[00:08:43] Because, you know, when you work for a small company, they don't have as much capital to fly you around the world and etc.. But that was a shocking experience for me transitioning as well as a humbling one, because I had to start over in my career because no one knew me at that company. So I started at the bottom again, but this time as an administrative assistant. And I'm like, I'm not your wife at work. I'm not a coffee pusher, I'm not a sandwich fetcher or anything like that. You're going to respect me just like I respect you. And then I quickly learned that if I wanted to succeed in that business, you really have to understand the politics because there's a lot of politics in oil and gas, especially when you are a minority. And I'm going to break it down this way, Tom. I was a minority because I was a woman in a male dominated field. And then I was also a minority because I was a woman of color in a male dominated field. So it's like, how am I going to navigate this world and show that I am competent and capable of doing more than just being an administrative assistant? And at the time I was in school for my undergrad and I was a psychology major because what did I say I wanted to do earlier? Tom Mm hmm.
[00:10:06] Yeah, I was a psych major, too, believe it or not.
[00:10:09] And then my older brothers are like, That's such a pipe dream. You're not going to make any money unless you get a master's or a PhD. So then I had to play to my strengths and I was talking to my supervisor and he's like, Go to school, talk to your counselor, bring me the degrees plans that they offer, and I'm going to help help you choose one because you're not going to make it in this company with a psychology degree. And I was like, okay. So I had two choices. Tom Supply chain and logistics and technology or. Hm Mechanical engineering and technology. I'm like, I'm not about to do all that math, but I was like, Oh, what I can do is take some of these psychology credits. I have finagled them and petition them so those credits can be applied to this supply chain degree. And that's what I did. So I graduated with a degree in supply chain and logistics in technology, with double minors, in purchasing and organizational leadership and supervision. Because that's a broad I could do that in any industry. So I was thinking ahead, if oil and gas doesn't work out, what other industries need a supply chain expert? Every industry.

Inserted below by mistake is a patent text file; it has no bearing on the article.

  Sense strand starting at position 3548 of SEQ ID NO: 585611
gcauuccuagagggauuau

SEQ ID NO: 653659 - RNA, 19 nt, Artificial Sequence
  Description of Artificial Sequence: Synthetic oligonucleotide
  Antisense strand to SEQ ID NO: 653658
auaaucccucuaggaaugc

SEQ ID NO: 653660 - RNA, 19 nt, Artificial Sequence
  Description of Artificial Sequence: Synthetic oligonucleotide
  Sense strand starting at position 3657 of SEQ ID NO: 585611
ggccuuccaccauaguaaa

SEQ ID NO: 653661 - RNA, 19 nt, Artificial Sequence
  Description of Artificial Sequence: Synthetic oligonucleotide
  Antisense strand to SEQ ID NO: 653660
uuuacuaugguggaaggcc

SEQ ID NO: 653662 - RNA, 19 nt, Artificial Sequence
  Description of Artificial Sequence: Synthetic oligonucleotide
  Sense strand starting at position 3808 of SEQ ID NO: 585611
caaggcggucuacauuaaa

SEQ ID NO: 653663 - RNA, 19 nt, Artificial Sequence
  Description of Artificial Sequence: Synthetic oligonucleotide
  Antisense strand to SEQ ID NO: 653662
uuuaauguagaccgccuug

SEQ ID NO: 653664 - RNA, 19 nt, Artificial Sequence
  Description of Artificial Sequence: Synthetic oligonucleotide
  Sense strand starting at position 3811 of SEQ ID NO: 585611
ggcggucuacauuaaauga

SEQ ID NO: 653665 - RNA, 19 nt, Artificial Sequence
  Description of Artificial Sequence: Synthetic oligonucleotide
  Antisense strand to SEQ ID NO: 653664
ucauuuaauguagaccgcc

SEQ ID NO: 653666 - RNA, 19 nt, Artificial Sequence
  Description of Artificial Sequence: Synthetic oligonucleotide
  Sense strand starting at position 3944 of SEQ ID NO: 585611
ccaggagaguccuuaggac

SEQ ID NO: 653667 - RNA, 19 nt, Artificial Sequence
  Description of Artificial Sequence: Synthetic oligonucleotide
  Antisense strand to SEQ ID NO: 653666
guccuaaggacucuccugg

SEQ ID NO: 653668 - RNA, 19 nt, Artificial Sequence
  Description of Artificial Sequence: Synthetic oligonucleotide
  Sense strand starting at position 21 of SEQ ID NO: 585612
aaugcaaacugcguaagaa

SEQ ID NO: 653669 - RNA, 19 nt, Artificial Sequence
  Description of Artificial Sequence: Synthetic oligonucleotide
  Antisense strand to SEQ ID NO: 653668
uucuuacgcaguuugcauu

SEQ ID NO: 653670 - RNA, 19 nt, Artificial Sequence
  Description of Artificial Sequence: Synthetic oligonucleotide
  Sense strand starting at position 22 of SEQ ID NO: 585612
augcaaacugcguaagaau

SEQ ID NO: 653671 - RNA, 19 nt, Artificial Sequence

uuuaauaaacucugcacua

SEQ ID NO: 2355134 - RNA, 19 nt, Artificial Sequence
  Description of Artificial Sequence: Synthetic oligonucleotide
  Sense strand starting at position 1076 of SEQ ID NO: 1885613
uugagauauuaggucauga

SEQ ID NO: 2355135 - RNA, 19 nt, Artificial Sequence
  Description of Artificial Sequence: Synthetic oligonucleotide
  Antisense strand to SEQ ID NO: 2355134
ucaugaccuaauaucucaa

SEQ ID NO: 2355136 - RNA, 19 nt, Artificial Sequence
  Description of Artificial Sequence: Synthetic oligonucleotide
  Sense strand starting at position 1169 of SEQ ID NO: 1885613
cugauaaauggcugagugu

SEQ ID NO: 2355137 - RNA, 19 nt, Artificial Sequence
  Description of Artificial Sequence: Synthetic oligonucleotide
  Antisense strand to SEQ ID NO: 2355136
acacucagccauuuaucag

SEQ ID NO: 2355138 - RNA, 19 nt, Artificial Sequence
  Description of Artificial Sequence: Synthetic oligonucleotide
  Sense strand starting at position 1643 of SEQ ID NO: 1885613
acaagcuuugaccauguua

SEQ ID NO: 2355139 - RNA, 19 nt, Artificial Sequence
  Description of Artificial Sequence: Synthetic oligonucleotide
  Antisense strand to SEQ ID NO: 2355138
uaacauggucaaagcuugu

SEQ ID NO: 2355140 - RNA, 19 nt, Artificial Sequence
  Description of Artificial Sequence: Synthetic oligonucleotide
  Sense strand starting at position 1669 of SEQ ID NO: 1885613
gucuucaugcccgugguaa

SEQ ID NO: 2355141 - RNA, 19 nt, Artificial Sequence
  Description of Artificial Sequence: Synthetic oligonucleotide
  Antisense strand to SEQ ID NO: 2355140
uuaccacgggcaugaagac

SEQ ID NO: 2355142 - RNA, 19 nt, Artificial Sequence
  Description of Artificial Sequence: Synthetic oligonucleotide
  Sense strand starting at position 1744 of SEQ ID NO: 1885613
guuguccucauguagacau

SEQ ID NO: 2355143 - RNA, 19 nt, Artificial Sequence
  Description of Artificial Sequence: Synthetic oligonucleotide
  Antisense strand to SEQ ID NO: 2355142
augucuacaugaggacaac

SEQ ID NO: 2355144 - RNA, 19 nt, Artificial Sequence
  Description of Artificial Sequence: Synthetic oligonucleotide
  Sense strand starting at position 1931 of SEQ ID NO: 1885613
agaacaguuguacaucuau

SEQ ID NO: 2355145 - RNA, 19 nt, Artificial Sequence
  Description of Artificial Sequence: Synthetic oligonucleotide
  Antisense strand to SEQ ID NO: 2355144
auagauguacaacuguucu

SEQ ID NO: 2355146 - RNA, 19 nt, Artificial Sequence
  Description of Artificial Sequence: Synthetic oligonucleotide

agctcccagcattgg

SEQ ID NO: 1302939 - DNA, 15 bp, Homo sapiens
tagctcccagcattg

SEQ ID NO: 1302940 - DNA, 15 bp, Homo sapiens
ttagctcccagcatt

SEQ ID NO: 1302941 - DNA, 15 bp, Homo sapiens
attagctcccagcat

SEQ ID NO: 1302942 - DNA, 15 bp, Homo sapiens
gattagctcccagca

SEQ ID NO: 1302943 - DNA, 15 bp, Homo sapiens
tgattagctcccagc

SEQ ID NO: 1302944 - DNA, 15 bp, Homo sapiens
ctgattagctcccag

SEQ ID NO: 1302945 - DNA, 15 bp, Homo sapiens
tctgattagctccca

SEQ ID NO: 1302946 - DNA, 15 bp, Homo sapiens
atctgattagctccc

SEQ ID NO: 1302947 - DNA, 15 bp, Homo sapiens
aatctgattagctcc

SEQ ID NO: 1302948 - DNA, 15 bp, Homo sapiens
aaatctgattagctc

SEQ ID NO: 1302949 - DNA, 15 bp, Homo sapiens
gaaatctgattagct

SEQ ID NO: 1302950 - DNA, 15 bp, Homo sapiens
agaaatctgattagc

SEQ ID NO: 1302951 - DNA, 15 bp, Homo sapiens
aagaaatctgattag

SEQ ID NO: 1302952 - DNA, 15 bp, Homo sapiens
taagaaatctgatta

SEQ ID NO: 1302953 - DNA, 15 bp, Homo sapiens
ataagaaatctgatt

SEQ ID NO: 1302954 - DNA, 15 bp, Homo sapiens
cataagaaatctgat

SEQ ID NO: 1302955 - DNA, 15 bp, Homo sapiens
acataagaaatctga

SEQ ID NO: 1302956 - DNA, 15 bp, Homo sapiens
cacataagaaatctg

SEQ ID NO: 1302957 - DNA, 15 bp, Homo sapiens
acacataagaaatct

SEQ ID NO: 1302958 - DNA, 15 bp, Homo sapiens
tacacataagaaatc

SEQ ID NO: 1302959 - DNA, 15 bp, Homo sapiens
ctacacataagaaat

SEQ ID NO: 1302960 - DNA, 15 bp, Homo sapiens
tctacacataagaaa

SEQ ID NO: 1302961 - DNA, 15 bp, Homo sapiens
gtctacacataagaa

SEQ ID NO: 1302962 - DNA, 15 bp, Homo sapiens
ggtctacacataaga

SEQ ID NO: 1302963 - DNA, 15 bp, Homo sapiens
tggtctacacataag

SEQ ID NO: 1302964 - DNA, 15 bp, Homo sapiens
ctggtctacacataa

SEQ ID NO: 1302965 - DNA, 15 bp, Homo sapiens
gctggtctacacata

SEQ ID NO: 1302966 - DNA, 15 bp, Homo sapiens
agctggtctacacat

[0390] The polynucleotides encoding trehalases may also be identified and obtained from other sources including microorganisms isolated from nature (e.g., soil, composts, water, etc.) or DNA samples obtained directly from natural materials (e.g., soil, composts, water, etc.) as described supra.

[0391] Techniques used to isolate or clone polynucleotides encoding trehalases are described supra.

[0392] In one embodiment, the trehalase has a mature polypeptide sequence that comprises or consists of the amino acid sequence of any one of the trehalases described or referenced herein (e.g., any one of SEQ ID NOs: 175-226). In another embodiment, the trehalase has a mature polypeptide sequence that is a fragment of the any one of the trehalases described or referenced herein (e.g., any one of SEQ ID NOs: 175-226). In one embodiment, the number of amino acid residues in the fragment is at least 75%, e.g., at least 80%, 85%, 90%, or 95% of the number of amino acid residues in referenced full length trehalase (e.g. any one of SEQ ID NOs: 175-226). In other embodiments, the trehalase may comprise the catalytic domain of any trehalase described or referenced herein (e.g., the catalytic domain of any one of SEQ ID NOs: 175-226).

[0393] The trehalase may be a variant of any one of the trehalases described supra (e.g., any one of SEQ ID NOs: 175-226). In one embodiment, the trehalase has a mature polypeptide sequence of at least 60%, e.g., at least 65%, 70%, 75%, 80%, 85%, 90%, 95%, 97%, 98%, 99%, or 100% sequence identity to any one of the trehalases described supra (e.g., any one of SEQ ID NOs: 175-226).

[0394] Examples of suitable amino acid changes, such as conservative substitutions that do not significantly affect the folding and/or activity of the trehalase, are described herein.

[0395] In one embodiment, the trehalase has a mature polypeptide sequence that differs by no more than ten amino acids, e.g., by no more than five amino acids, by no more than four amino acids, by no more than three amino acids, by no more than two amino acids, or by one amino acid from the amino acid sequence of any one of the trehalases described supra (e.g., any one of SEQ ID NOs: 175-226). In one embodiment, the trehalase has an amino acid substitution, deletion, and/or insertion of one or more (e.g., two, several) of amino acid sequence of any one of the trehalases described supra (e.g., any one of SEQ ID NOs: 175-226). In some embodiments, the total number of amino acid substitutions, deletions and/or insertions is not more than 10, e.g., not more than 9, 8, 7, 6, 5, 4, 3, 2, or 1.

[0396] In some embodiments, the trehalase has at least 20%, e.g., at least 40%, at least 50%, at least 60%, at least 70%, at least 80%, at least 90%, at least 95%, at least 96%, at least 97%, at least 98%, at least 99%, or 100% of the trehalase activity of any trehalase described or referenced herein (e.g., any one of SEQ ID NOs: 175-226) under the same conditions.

[00:11:28] Now. Especially now. Yeah. So all right. So let's dive into a little bit about now. You wrote a book and that's very interesting title, Chocolate Drop in Corporate America From the Pit to the Palace. So how did that come about? What's it about? And was it stimulated because of your experiences in that male dominated business?